The Doctors’ Association UK are dismayed at the governments less than inflation uplift for NHS workers and call for “fair say on fair pay”.
At a time when doctors have given their lives and livelihoods to this pandemic, with no
clear end in sight, it is an insult that the Government sees a 3% uplift as fair remuneration. In support of member opinion, DAUK’s ‘Fair say for fair pay’ campaign demonstrated the extremes staff have been put through during the pandemic, risking their own lives, whilst the challenges to the NHS have never been greater.
The government’s decision to exclude junior doctors, who make up more than 50% of doctors in the NHS, is callous in view of the large number of doctors in training who have worked tirelessly through the pandemic. Junior doctors, a term than encompasses all doctors from leaving university up until becoming a consultant, are at the forefront of the fight against COVID. Many have been redeployed from their area of expertise or training to work in COVID medical wards or in critical care. Not only has their training been disrupted but they have been expected to pick-up shifts and cover rota gaps due to the on-going understaffing.
The 3% offered does not come close to what staff deserve. Inflation this year is estimated at 3.7%, making the proposed rise a pay cut in real terms.
We consulted with our members last night and the overwhelming majority of responders supported industrial action. We plan to hold an emergency meeting with members soon to formulate next steps and we request that the Government reconsider its position with immediate effect.
Dr Jenny Vaughan, Chair of DAUK: “Any improvement on the derisory 1% previously offered to NHS workers is welcomed, but 3% barely takes the edge off the erosion of doctors’ pay over two decades. Doctors in the NHS have suffered a 30% pay cut in real terms, and after inflation this “pay rise” will ultimately be a pay freeze. DAUK’s campaign ‘fair say for fair pay’ demonstrated the extremes staff have been put through during the pandemic – the effects of which are only starting to be realised. It is time to pay and we hope the BMA and the HCSA as well as allied health professional unions will join us in voicing our discontent – including taking industrial action.”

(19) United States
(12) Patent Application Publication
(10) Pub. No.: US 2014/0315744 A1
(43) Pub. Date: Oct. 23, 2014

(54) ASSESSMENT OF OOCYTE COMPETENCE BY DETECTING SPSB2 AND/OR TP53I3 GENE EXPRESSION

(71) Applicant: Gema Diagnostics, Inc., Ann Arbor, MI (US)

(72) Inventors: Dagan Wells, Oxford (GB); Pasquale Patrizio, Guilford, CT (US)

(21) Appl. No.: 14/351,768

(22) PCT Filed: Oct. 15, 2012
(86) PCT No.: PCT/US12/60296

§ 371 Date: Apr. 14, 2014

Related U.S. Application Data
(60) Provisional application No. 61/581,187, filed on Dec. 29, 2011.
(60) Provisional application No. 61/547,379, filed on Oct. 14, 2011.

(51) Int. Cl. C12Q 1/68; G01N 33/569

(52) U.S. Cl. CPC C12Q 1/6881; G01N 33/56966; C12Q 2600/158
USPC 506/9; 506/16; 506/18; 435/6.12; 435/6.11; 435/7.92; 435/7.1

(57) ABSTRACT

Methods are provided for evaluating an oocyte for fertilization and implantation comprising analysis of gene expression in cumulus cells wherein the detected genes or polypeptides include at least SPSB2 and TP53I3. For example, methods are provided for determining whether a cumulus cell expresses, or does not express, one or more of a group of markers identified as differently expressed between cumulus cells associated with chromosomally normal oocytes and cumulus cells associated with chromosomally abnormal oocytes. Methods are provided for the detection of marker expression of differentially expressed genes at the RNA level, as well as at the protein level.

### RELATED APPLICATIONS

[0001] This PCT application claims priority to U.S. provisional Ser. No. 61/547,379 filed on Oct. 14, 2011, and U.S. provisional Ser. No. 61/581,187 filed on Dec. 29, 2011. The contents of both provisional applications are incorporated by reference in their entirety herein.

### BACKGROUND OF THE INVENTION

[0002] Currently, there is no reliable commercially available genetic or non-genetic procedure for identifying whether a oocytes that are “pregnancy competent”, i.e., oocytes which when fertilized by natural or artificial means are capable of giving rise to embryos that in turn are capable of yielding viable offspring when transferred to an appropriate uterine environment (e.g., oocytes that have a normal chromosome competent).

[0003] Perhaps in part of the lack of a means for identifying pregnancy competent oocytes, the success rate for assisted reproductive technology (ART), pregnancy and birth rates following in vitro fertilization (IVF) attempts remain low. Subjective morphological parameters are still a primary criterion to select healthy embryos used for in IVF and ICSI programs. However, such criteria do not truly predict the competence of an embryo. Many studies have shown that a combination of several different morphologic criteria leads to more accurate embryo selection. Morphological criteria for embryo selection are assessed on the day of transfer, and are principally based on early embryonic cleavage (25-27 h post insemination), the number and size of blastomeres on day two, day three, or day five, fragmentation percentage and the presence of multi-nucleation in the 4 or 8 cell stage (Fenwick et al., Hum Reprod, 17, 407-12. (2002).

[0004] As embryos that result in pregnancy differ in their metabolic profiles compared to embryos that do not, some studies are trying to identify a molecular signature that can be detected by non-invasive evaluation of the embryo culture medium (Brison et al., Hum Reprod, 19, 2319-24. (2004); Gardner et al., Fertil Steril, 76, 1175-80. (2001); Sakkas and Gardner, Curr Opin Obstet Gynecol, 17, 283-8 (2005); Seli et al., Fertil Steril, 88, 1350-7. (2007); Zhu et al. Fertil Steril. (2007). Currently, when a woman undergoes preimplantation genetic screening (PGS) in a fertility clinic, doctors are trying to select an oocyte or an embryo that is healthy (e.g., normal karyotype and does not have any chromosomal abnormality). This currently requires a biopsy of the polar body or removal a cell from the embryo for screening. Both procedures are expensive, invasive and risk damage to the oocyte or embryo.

Dr Duranka Perera, junior doctor and DAUK Treasurer: “We are in an ongoing pandemic that has killed 128,000 people in the UK, including over a thousand colleagues. With staff shortages at critical mass and thousands more on the verge of burnout, no number of claps for the camera can change these cold, hard facts. The service and sacrifice of NHS workers over the past year is being treated with open contempt.
There is no time but now to pursue the most powerful form of resistance. This Government – one that saw fit to pay private Test and Trace consultants £7000 a day – must be held to account. Amidst the most testing era in NHS history, unions across all healthcare disciplines must come together to demand just compensation for the workers that put their lives on the line for their patients and their country. After over a decade of austerity and real terms pay cuts, a 15% pay increase is the bare minimum we at DAUK see as acceptable. If it requires industrial action to achieve this, then we wholeheartedly back that too.’
Neurosurgeon and DAUK co-vice chair Mr Dolin Bhagawati: “The figures put forward by the government show a breath taking level of wilful ignorance regarding the pressures that NHS staff have faced during the pandemic and will continue to face in the current wave of COVID-19 infections. With the NHS staring into an abyss of millions of patients on waiting lists, we need staff that are compensated appropriately for the skill sacrifice and commitment they have and continue to demonstrate. A Government that does not realise this is catastrophically out of touch. “
Nottingham GP Dr Shan Hussain: “GP Practices have delivered over 75% of Covid vaccinations whilst caring for 2 million patients with long covid, looking after rising numbers of patients on secondary care waiting lists, and continuing day to day GP work. All of us have worked incredibly hard without recognition, and for the pay rise to exclude more than half of practicing GPs shows how little the Government values Primary Care.”
GP Partner Dr Rosie Shire: “Since the start of the pandemic GP’s have been battling covid in the community and changing the way we work in response to the ever changing regulations. For the pay rise not to include all GPs shows how undervalued we are.”